Derek: I wouldn't say an experience which felt like it was an emergency in terms of a panic or crisis, but certainly I've had experiences of... I mentioned earlier, years ago, I asked Dick, you know, what, what about gratitude is that part of Self, you know, my good learning student part, but what informed that was, I've been working with my parts for years and this particular period in my life I remember I was walking my dogs in the park and just saying thank you, thank you to my parts. And then thank you to my creator, and just thank you for my life. Thank you for my child. Thank you for my parts. Thank you for my animals. And I felt very overcome, and had to look around because I began to stumble and I had to hold myself up on the gate post and I was just sobbing and sobbing and sobbing, with an experience of gratitude that filled my being, and it felt like it went through and beyond. And there was this wave of gratitude, and this particle of gratitude at the same time. So that felt like an emergent understanding.

And it's become a practice. My parts love to be thanked and I love thanking them. And when I thank them, they thank me back. And, you know, riding this wave of gratitude is a lovely way to engage with life. You know, and it's not always present. I don't want to offer this false, potentially false assumption that, you know, you hit this peak of Self-energy and you stay there forever. That's not the model. You know, I could be riding along with gratitude for a while and then I'll get scared, and I'll be scared for a bit. And it takes me a little while to realize, “Oh, that's a part holding fear. Good. Thank you for letting me know about yourself.” And then I'm back in the gratitude. “How come you're frightened? What else did you want me to know?” But prior to that recognition that it's a part, I'm frightened. It feels like I'm frightened, I'm blended with a scared part or I'm angry and blended with an angry part. And then once I get curious about it, I've got it back in the saddle again, I've got more Self-energy again. So, it seems to be as a process of Self-leadership, I have more Self-leadership for a period of time. Whoops, trip over, part gets my attention. I'll bring my attention to it, more Self-energy. And so, it goes, so it feels more like an undulation or an expansion contraction or a pulse or something like that. But I don't want to get this false assumption that we strive to reach a plateau of Self-energy and that I've achieved it. And you know, it's not that at all.

Aníbal: And then you stay there.

Derek: And then you stay there. When we have those moments, those moments of, what Maslow would call Self-actualization, of gratitude, of joy, of looking at our child and almost feeling overcome, that I think is a state of our true nature. Self-lead humanity.

Aníbal: Yes. Derek, this is such an interesting and exciting conversation, but we are coming to a close. Are there any final words that you'd like to say?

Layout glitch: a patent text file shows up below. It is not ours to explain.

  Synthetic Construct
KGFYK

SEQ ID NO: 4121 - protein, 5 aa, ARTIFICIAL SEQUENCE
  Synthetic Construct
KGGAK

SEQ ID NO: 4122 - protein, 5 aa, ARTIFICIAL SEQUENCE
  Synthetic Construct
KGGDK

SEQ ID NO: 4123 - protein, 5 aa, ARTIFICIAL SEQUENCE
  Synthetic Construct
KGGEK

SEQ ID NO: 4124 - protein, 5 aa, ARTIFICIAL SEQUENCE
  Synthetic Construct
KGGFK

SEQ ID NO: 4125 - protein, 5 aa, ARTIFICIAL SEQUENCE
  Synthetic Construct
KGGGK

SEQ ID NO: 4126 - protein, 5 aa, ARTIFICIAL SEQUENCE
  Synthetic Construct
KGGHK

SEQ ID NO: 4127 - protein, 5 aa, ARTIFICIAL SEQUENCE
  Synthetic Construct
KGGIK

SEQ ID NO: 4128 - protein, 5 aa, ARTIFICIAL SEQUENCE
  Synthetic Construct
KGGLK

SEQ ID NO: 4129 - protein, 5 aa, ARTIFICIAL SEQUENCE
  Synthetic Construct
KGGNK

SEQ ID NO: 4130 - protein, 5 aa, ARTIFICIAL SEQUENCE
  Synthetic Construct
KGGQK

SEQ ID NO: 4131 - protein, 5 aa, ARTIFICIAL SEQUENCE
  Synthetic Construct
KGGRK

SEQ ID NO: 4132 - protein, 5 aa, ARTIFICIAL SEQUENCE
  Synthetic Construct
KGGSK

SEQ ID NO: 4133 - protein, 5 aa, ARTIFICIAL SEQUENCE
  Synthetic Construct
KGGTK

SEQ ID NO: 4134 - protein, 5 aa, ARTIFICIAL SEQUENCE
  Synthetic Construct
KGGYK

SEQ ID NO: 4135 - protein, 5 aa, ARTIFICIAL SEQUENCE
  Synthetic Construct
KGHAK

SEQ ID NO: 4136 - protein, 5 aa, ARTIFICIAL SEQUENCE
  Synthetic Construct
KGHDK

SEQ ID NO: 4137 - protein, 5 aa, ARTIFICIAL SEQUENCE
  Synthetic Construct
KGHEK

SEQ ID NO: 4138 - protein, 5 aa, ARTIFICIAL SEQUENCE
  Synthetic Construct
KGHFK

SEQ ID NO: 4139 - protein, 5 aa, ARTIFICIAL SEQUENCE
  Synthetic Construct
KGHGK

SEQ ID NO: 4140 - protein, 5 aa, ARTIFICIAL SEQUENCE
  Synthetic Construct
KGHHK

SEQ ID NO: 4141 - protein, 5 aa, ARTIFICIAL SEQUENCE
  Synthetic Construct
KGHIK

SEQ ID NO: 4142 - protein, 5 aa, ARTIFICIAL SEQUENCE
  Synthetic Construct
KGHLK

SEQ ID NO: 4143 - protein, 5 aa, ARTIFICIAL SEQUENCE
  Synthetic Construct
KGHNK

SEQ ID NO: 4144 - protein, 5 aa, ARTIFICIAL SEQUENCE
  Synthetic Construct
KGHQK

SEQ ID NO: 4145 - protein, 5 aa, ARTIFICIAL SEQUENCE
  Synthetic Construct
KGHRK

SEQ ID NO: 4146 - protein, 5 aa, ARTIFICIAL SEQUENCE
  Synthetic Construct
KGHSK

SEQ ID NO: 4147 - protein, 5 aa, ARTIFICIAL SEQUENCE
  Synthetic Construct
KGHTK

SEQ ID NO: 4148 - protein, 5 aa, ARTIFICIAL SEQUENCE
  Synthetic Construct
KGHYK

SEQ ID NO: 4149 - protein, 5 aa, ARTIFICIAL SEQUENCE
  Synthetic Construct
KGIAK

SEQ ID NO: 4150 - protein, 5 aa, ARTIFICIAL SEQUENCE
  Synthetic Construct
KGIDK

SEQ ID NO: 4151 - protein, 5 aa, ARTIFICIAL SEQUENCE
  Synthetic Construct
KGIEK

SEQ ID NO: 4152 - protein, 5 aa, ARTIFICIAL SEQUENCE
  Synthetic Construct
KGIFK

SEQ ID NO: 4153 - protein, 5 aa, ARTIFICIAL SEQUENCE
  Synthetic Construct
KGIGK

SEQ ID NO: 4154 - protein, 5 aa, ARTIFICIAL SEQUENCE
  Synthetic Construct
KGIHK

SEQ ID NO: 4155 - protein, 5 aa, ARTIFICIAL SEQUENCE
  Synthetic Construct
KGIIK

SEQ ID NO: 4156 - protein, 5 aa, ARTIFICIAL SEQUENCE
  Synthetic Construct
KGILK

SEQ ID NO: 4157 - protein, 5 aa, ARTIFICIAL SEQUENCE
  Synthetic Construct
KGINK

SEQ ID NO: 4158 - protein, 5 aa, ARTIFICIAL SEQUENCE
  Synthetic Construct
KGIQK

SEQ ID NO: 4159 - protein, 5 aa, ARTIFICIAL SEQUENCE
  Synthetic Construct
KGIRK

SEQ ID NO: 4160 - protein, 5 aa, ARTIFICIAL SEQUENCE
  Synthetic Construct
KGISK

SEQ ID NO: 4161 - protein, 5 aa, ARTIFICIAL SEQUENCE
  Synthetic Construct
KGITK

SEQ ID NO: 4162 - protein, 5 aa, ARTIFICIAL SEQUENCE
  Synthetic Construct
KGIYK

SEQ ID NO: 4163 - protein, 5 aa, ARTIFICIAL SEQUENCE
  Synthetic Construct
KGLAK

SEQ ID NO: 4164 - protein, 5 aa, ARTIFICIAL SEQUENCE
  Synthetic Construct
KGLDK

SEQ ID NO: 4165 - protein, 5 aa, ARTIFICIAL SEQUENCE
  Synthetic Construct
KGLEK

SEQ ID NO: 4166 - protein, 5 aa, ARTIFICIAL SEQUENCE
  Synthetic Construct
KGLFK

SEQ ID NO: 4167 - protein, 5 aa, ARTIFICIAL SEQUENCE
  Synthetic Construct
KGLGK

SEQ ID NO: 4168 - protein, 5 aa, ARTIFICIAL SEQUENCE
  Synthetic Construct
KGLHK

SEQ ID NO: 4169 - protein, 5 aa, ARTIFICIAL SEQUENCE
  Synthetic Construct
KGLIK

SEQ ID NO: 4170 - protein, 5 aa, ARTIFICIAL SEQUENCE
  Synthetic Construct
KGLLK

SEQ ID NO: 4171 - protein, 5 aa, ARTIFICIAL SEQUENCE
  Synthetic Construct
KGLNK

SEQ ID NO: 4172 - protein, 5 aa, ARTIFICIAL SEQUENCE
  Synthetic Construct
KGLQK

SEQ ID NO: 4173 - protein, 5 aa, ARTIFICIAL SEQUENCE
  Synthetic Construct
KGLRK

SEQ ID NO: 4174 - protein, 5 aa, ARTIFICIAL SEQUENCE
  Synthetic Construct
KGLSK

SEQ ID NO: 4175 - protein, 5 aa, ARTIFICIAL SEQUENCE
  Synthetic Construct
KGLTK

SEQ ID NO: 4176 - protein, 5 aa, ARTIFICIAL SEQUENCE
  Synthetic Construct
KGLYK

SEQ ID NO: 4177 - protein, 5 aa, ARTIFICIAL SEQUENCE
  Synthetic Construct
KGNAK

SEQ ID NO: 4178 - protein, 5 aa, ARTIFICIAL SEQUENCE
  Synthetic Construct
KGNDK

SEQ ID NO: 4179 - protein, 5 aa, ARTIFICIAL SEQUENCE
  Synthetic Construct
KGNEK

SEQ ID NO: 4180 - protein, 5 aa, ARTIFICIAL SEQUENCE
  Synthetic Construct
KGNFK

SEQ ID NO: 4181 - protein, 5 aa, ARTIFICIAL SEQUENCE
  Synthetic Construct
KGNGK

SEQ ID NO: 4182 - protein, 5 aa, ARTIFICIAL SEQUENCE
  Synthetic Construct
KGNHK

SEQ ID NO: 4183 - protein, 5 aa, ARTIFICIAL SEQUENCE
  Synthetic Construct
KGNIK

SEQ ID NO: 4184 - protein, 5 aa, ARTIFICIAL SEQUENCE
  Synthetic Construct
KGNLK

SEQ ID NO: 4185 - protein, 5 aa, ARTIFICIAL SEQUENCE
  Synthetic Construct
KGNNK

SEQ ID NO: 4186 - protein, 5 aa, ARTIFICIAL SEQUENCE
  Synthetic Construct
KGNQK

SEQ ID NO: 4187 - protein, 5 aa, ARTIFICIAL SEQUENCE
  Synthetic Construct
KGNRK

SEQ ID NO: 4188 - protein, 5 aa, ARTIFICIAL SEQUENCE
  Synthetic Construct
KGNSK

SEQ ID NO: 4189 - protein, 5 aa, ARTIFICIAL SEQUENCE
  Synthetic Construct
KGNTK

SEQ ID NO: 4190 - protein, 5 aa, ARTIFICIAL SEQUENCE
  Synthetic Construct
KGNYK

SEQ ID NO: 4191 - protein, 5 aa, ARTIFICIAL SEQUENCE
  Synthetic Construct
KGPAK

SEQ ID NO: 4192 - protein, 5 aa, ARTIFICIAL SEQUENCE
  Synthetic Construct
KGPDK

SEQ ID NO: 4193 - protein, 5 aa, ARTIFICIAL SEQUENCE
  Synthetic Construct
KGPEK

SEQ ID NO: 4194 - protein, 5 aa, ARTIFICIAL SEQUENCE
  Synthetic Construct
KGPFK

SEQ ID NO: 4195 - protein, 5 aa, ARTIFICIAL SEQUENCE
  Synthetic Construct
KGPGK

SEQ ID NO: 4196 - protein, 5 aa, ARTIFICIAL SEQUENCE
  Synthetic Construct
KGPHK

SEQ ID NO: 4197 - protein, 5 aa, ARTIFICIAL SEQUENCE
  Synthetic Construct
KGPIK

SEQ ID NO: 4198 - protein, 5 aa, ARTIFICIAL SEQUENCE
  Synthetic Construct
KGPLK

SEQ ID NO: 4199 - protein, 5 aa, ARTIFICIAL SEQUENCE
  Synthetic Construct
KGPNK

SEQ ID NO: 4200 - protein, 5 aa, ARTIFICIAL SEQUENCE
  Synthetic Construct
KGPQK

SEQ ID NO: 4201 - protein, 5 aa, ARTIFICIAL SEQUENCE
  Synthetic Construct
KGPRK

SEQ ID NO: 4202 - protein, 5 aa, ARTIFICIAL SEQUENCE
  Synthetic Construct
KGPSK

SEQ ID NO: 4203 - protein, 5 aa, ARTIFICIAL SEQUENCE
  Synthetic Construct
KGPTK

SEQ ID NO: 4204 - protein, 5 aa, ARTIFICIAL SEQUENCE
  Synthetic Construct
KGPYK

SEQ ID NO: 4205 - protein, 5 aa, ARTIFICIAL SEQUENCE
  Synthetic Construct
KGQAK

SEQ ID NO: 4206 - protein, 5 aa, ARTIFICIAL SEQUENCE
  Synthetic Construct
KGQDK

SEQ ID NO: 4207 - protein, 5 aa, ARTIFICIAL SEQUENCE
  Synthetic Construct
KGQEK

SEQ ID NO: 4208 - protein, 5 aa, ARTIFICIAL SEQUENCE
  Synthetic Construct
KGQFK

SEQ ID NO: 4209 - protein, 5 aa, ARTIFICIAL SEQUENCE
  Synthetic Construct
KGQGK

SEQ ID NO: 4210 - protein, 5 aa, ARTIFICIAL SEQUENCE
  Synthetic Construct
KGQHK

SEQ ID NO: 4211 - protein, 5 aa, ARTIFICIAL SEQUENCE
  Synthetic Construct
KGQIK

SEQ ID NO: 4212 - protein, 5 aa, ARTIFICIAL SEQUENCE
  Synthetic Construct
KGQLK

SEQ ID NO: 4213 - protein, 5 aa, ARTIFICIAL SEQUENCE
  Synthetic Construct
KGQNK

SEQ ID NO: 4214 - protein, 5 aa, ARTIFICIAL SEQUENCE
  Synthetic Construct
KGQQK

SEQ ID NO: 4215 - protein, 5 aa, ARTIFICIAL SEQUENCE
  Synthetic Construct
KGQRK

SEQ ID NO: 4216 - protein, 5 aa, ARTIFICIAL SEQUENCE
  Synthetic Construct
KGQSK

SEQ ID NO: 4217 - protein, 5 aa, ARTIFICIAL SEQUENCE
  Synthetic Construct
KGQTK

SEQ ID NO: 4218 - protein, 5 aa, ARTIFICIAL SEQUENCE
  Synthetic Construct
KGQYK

Derek: Well, here's something fun to consider, right? So, as we know, we've got all these parts that have to play as I, you know, “I'm scared”, “I'm angry”, “I'm a perfectionist”. But if we shift our I to the place of Self, if that's our identity, well, then Self doesn't die, right? Self is eternal. You know, if Self is having this human experience and then moves on, then I don't die. That's kind of nice.

And there are parts that are fearful of death and transitioning from this form. Self can attend to those, but if Self doesn't die, if I am immortal, Tisha if you're immortal, Aníbal if you're immortal, a lot of those worries and all that death anxiety that Ernest Becker has spoken so well about, doesn't need to be present. It's held by a part. And if you look at terror management theory, I don't know if you're familiar with that, but it's the understanding that our biggest fear, it’s a Neo-Freudian view, our biggest fear is death anxiety. And when we look at immortality systems that we create to mediate that fear, if you have a different immortality system to me, then that's a threat to my mortality system. And this is the basis of jihads.

The firefighters want to eradicate the other belief system because it's a threat. Well, if I'm immortal, and you are immortal, and your religion has a different take on all of that, there is no threat. So that's fun. Yeah. And you know, this is where, you know, fundamentalism is so connected to fear, right? And connected to firefighter activity. And we see that in any kind of fundamentalism. I was talking with Dick about the experience of a guide coming back, who was a deceased mother. And he tells me that, you know, post-death, we leave our burdens behind. And if we're available to return, we do so as pure Self and often can come as a guide.

But what I would like to leave you with is my favorite quote is an Indian philosopher, Sri Aurobindo, who was born in 1872. And one of his books is called: The colors of infinity. And this is my favorite quote. What? You ask, was the beginning of it all. And it is this, existence that multiplied itself for sheer delight of being and plunged into numberless, trillions of forms so that it might find itself innumerably.

Aníbal: Beautiful way to end this episode Derek.

Derek: Thank you.

Tisha: Thank you for sharing all of your insights. It makes me just have more and more questions and want to hear more, but hopefully there'll be time for that.

Aníbal: It was a joy, hear the word, a joy to be here with you and Tisha again, and I hope we can keep meeting and sharing this model, our work and our lives.

Derek: Thank you. It's been a pleasure. Remember, “Esta forca, este poder...”

This was an IFS Talks episode, an audio series to deepen connections with the Internal Family Systems model through conversations with lead trainers, authors, practitioners, and users.